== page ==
A Legal Minute: Mega-Man’s MegaUpload Is Still Safe. Mega-Man and three other executives from MegaUpload were arrested earlier this year in their $30 million mansion in New Zealand. Attorney Roberto “R.C.” Rondero de Mosier updates us on this legal monstrosity.
Written by: Roberto “R.C.” Rondero de Mosier, Attorney at Law
Late last week something pretty extraordinary happened in the legal world. A judge in New Zealand, of all countries, slapped the hand of the Justice Department regarding the trial of employees of the Hong Kong based MegaUpload. The Mega-Man himself, Kim Dotcom (born Kim Schmitz). He is the founder of MegaUpload and its associated sites which were shut down by the justice department in January. Dotcom is being held in New Zealand and the United States is trying to get him extradited and brought into the U.S. for trial.
Now, in case you are not aware, MegaUpload was an online file storage and viewing site that was a great pirated source of TV, Film and Music content (among other things). The U.S. Department of Justice has alleged they have a great case that the company was dedicated to copyright infringement. MegaUpload, of course, is not the first website that has hosted uploading and file sharing. If you have downloaded through bit torrent, then you know the drill. And remember Napster? That was the first similar site to be taken down. Of course, it was taken down by private companies in a copyright infringement suit. What makes MegaUpload so unique is the the Justice Department is getting in on the act.
What makes this case different is that while most other sites that face copyright infringement lawsuits from content providers (such as record labels, film and TV production and distribution companies) are usually claiming that they cannot be held responsible for what illegal acts their users perform and do a pretty decent job of removing content illegally uploaded, MegaUpload is alleged to not have done this.
On the surface it is hard to argue that MegaUpload did not know what they were doing. The Justice Department says they instructed users how to locate links to infringing content and, worse yet, had an program where they paid users for successful upload of illegally uploaded content. MegaUpload made a great deal of money on advertising and so it made sense for them to have the most sought after content.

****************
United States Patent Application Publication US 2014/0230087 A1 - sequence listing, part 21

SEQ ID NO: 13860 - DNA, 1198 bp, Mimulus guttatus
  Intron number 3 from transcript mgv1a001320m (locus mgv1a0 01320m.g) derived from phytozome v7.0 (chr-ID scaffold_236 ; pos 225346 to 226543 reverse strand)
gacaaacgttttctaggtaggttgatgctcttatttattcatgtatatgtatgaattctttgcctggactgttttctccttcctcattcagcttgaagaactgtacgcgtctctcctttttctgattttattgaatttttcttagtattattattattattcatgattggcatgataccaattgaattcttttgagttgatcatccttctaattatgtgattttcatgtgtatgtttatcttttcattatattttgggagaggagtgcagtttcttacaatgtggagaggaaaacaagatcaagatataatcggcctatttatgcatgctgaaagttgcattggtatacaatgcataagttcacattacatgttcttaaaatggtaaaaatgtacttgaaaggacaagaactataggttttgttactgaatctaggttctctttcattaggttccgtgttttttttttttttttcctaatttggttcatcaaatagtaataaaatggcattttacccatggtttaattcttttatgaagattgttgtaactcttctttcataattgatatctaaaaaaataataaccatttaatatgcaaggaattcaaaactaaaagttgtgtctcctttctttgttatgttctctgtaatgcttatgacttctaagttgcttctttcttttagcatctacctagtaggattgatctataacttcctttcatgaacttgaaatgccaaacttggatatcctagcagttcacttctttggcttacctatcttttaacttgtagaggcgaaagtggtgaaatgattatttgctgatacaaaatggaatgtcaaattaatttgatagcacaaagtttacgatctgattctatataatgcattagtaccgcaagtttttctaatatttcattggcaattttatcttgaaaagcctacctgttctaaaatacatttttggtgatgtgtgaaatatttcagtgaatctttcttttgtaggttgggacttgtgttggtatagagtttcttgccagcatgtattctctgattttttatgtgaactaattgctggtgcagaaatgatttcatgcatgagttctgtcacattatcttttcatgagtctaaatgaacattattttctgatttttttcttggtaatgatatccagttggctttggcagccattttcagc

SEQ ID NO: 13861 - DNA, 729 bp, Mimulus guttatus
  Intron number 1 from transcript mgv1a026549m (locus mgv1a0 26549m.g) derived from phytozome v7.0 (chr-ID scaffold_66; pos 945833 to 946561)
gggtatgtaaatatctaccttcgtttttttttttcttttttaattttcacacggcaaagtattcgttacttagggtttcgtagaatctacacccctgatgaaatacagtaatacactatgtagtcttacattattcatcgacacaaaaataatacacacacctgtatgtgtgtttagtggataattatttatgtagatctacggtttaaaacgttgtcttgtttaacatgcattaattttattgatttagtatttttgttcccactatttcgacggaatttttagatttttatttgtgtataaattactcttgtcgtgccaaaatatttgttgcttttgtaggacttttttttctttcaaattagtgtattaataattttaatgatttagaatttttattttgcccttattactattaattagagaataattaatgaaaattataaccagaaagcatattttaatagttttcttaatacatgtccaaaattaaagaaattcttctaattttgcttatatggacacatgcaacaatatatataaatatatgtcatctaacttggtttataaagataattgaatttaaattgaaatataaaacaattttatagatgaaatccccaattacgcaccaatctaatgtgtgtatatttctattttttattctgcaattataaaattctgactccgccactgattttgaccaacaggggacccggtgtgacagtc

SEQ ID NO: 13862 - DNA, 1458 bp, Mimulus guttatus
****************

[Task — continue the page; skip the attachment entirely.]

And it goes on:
Well, now Mega-Man (Dotcom) and three other company executives face potential prosecution in the U.S. after being arrested at their 30 million dollar mansion in New Zealand in January. The judge, however, who is set to hear if they can be extradited to the United States has admonished the U.S. authorities for trying to mix civil law with criminal law. Essentially the judge has said the U.S. is overreaching in trying to prosecute the Mega-Man and his buddies under racketeering charges. And from the outside, I’ll admit it seems like quite a reach.
Usually the private companies whose content is being infringed are the ones who sue the infringers. Here though, the U.S. seems to be saying they want to have more of a hand in protecting intellectual property rights. It’ll be interesting to see how this plays out. For now the U.S. attorneys need to show the judge evidence to back its attempt to take the offenders into custody, so Mega-Man will go nowhere anytime soon.
Now, I can’t abide piracy, but the reasons for the steps we need to take to stop it vary. Some content providers have estimated that the U.S. loses $250 billion a year in content being pirated. But some estimates are a low as $58 billion. All large numbers, but still no one knows for sure if someone downloads content online if they will not buy in the store. But what bothers me most about the U.S. attorneys stepping in on cases like this is they seek to preserve the market for the industry, regardless of what and how you and I want to watch anything. Yay for the industry executives!?
Roberto “R.C.” Rondero de Mosier is an attorney licensed to practice law in Texas, California, New York and Illinois. He is a partner at Gonzalez & Mosier Law PLLC. His practice specializes in Entertainment Law and Intellectual Property rights. In his spare time he enjoys watching television and films, and writing about it. Follow him on Twitter @showbizattorney, or e-mail him at firstname.lastname@example.org
News Interview With Kim Schmitz of MegaUpload:
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